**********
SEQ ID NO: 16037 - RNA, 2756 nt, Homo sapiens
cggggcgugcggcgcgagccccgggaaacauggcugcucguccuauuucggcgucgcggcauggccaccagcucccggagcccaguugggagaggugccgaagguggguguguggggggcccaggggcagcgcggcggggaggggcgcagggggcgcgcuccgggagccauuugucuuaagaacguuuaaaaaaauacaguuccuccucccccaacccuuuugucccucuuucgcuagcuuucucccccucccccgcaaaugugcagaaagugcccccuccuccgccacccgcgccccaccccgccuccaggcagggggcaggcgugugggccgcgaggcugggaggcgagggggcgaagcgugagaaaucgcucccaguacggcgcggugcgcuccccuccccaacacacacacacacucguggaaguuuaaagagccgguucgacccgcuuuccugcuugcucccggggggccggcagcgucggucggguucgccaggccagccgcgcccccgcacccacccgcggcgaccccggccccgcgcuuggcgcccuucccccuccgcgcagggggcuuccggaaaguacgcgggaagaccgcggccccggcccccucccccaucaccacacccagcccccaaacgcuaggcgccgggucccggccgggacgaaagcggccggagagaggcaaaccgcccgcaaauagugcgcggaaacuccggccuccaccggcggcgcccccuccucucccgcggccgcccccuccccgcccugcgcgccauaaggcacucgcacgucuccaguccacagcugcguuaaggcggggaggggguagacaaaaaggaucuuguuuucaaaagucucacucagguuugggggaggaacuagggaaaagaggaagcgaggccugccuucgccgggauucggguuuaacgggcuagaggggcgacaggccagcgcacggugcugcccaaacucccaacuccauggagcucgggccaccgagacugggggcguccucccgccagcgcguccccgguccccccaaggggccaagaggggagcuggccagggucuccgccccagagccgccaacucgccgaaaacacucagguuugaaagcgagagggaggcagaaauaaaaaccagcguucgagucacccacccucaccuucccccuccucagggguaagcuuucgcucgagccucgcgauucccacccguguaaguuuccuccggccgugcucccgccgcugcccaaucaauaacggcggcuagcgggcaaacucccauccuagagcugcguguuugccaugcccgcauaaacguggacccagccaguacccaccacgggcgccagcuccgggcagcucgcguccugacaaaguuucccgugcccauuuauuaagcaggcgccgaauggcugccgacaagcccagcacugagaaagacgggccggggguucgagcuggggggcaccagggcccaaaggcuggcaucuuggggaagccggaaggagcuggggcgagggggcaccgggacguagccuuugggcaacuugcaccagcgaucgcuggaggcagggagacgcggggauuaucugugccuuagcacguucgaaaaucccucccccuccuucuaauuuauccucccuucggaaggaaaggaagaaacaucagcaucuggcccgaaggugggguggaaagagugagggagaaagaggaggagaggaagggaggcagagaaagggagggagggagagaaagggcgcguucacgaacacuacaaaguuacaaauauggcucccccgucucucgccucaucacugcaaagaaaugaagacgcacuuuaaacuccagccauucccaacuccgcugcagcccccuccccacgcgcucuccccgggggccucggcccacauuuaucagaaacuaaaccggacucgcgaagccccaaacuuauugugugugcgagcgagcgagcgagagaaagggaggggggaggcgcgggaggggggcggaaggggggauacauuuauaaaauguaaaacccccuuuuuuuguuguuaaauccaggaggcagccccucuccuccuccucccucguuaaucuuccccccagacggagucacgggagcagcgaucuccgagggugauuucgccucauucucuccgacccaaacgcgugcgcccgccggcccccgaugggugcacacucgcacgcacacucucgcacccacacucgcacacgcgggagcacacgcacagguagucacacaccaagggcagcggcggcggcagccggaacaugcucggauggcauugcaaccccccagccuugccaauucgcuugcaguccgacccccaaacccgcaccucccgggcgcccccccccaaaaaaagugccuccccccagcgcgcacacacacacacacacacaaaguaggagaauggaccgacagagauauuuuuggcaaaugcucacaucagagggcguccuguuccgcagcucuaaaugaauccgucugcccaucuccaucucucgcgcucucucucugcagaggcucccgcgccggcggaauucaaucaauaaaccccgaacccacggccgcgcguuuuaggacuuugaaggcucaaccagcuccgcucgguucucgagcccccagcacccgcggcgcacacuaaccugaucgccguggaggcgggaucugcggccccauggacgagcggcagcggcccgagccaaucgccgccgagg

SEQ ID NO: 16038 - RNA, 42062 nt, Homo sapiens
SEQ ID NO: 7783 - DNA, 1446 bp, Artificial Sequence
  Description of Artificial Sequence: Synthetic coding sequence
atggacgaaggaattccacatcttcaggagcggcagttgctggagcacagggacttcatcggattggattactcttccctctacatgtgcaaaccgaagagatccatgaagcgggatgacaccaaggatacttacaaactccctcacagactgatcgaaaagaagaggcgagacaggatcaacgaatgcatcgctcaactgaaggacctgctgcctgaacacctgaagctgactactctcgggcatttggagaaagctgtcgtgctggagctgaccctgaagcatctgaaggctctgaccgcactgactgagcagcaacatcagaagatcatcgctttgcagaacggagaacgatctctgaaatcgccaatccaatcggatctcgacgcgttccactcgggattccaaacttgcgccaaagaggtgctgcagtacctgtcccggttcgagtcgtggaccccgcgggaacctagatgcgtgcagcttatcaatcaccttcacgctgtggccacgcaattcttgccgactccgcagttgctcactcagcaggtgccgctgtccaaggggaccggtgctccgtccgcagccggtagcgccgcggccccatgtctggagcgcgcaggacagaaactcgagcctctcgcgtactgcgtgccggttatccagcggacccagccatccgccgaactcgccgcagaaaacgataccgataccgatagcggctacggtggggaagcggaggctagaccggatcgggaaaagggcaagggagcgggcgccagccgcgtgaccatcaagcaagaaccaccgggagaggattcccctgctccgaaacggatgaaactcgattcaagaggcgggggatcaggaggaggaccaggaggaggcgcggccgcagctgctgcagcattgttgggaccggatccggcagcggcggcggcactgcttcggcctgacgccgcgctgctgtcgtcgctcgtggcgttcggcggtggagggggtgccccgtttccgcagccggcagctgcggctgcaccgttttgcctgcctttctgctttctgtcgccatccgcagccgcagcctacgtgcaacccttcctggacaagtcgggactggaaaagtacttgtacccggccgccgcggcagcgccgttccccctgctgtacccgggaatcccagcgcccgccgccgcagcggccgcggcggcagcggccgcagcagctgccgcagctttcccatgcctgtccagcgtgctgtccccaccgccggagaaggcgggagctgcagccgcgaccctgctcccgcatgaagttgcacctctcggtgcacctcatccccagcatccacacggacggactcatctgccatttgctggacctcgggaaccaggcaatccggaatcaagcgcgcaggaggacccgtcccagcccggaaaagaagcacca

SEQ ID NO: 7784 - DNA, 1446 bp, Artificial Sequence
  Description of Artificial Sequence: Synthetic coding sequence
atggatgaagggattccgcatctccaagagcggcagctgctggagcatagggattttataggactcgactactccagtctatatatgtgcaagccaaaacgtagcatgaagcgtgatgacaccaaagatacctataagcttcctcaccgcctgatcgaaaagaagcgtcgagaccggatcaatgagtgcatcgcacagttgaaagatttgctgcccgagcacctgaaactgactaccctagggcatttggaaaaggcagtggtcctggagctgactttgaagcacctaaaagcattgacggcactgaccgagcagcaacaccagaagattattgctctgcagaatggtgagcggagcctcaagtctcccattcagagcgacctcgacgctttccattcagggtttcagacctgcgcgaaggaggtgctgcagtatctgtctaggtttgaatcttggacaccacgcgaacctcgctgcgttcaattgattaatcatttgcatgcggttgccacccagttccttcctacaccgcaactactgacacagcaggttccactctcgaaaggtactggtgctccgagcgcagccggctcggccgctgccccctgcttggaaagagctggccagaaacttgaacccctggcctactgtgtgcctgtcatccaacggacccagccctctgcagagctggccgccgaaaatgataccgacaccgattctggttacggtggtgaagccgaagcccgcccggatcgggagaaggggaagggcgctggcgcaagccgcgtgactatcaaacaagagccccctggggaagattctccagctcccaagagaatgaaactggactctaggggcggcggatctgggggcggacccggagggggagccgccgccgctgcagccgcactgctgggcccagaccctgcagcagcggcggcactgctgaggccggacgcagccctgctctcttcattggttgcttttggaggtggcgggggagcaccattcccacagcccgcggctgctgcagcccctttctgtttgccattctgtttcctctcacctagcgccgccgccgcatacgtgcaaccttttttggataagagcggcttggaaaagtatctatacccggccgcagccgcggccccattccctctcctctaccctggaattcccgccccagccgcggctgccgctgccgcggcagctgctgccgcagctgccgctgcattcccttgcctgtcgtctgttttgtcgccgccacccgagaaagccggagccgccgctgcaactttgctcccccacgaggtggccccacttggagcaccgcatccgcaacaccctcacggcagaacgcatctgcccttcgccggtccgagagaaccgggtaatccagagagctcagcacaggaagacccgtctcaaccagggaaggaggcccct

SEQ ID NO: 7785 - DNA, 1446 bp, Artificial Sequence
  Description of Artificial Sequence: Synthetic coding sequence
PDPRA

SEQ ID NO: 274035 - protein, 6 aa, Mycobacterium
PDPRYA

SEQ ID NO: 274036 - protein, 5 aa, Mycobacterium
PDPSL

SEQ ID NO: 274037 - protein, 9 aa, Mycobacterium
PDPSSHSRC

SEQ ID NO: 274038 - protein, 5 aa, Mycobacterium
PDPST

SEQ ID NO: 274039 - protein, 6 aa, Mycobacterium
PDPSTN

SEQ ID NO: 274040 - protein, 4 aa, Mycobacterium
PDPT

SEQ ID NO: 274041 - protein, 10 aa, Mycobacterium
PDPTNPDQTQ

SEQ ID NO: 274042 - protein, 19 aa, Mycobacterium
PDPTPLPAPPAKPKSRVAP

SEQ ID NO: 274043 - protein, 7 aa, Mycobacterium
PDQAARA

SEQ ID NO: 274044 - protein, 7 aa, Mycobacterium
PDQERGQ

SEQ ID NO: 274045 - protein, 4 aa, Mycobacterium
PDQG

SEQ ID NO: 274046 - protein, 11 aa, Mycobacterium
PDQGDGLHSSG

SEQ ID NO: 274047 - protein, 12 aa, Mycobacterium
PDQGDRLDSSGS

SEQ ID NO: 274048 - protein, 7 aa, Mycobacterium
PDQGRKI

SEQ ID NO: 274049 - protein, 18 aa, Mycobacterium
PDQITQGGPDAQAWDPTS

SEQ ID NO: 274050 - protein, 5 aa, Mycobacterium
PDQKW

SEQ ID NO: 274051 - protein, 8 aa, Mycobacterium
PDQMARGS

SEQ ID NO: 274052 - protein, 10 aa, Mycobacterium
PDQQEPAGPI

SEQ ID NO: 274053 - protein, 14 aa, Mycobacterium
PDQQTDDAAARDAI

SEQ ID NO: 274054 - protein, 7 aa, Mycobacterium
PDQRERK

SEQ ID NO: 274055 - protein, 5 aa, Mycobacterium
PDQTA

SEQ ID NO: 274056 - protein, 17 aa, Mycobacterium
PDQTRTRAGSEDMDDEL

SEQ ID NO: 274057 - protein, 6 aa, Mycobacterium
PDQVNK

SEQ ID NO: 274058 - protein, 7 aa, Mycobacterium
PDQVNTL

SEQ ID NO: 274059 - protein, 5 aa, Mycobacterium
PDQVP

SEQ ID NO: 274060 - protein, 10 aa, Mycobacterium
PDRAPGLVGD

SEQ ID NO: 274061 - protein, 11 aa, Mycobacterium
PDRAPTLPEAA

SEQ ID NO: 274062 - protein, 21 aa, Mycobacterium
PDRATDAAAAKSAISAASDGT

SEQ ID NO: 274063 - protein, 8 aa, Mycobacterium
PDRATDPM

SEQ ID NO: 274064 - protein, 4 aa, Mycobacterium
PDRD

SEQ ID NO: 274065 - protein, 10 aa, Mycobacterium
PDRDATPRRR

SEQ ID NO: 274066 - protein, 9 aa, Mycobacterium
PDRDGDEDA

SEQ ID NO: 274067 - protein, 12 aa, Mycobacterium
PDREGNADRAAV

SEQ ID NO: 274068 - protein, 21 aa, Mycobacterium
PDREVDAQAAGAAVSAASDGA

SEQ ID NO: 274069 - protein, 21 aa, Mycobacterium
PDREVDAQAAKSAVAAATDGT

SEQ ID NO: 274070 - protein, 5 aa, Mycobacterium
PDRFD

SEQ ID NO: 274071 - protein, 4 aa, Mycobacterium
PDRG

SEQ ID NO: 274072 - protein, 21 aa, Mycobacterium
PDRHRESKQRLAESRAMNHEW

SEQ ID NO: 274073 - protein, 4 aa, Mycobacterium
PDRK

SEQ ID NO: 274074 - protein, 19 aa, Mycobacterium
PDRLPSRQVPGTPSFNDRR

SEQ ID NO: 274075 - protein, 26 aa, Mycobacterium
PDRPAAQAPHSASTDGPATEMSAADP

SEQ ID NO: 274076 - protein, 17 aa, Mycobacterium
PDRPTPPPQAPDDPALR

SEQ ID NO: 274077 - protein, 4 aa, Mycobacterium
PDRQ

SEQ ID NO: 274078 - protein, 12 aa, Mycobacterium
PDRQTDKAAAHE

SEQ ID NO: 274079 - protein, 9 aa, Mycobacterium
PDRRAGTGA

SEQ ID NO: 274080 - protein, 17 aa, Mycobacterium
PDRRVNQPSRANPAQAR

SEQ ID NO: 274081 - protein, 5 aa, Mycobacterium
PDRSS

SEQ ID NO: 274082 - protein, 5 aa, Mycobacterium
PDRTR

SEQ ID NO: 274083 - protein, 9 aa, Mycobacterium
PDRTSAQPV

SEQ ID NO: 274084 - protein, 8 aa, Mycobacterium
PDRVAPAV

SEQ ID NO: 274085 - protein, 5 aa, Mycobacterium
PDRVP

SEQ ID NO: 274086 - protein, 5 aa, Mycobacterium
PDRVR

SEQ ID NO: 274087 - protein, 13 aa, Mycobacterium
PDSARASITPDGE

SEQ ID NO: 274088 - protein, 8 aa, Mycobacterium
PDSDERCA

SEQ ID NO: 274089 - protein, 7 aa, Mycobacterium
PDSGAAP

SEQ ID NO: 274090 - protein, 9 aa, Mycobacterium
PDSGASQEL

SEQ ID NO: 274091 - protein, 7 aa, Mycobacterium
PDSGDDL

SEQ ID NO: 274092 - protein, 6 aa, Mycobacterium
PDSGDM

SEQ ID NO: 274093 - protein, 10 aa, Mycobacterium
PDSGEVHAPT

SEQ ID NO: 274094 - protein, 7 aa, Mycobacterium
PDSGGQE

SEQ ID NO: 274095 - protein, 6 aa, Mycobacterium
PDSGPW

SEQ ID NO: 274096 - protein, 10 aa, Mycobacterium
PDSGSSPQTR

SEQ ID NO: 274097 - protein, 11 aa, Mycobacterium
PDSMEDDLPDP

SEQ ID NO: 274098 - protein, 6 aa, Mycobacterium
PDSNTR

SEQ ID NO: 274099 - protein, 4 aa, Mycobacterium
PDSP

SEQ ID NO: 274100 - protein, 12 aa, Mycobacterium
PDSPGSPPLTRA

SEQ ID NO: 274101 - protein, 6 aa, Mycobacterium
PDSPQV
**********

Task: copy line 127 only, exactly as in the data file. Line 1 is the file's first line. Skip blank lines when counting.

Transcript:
SEQ ID NO: 274092 - protein, 6 aa, Mycobacterium